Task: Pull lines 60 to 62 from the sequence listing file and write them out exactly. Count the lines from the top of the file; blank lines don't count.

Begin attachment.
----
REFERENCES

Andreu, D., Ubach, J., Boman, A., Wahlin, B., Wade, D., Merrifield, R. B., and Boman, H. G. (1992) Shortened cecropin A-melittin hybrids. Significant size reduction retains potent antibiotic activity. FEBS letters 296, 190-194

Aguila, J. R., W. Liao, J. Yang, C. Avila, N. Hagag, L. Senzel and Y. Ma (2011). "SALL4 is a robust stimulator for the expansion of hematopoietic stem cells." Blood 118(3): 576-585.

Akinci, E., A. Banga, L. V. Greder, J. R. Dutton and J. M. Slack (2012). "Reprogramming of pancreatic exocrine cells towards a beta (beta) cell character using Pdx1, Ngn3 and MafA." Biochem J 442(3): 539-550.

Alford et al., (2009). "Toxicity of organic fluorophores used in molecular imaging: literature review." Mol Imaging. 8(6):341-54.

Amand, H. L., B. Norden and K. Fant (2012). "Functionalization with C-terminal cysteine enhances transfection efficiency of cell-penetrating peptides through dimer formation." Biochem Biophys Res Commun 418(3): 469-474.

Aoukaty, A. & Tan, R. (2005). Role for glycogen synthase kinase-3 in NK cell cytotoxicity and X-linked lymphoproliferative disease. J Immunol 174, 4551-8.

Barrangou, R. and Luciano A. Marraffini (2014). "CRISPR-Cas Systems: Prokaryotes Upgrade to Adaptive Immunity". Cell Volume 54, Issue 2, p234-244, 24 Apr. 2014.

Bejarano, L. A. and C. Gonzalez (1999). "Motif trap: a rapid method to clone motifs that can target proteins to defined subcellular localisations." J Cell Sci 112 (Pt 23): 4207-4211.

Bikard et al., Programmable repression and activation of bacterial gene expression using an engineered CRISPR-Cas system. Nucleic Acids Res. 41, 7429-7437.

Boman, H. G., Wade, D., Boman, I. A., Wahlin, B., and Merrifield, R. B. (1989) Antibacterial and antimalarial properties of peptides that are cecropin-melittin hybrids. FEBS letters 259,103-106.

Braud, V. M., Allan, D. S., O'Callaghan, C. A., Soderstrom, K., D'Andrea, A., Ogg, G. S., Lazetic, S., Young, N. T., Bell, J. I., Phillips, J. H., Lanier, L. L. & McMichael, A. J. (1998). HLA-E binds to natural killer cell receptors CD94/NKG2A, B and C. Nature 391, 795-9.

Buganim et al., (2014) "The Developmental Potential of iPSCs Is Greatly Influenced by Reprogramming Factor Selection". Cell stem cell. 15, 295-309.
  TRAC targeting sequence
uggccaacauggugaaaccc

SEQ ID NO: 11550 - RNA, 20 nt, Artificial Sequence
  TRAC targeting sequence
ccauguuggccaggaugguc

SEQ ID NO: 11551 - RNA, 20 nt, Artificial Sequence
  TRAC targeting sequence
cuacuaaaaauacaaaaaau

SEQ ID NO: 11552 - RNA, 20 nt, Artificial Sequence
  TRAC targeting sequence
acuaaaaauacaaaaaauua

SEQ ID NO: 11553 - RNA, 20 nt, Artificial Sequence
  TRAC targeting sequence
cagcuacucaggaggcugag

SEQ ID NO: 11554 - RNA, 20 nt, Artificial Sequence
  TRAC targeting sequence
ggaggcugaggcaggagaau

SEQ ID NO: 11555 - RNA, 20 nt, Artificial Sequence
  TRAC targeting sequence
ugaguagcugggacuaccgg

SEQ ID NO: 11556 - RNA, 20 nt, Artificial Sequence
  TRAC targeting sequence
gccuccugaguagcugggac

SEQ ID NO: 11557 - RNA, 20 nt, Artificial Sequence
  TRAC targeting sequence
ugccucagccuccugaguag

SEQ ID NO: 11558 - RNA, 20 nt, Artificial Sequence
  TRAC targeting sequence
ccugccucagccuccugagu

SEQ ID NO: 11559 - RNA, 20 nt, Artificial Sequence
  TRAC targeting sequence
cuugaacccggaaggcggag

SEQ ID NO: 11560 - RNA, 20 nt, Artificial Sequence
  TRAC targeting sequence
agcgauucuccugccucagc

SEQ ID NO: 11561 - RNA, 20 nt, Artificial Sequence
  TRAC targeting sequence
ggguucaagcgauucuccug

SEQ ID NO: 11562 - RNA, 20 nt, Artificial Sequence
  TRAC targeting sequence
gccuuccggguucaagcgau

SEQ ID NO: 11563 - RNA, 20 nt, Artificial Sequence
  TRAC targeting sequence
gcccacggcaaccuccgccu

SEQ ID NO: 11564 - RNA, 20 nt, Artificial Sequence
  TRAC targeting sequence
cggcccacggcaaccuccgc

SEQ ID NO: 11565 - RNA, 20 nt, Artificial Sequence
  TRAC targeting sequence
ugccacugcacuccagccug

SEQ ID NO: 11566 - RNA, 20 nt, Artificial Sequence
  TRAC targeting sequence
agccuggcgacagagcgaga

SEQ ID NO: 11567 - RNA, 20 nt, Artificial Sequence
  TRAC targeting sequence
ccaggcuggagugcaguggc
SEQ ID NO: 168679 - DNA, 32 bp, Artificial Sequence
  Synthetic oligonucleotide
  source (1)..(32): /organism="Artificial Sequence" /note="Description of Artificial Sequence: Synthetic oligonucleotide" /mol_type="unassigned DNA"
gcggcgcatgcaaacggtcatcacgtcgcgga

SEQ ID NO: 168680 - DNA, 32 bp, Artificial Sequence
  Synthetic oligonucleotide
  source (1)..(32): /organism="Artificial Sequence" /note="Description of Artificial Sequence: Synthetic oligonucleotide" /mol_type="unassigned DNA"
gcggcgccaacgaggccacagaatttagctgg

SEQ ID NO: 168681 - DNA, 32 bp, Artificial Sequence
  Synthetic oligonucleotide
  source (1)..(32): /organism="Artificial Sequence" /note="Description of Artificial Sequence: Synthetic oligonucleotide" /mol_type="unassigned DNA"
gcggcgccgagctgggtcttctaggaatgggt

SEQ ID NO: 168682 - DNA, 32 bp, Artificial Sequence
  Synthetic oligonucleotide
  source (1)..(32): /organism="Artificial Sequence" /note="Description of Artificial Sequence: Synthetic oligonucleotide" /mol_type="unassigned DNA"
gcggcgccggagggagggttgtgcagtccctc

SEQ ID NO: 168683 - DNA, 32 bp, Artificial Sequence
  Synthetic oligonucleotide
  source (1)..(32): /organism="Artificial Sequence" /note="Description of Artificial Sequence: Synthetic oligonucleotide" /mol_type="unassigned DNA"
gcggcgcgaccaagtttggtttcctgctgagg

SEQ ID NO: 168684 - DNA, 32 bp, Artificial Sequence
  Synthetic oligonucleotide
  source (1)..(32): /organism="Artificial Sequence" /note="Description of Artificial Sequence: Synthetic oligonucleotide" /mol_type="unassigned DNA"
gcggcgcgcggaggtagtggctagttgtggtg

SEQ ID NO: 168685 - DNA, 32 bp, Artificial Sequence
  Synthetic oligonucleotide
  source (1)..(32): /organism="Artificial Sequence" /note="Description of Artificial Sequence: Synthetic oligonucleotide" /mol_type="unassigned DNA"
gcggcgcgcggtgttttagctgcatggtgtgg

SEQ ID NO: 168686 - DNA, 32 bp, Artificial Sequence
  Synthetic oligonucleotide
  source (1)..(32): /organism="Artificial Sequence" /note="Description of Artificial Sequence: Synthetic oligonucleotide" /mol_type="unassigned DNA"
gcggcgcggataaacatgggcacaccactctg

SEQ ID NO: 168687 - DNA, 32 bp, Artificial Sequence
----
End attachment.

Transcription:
cggcccacggcaaccuccgc

SEQ ID NO: 11565 - RNA, 20 nt, Artificial Sequence
  TRAC targeting sequence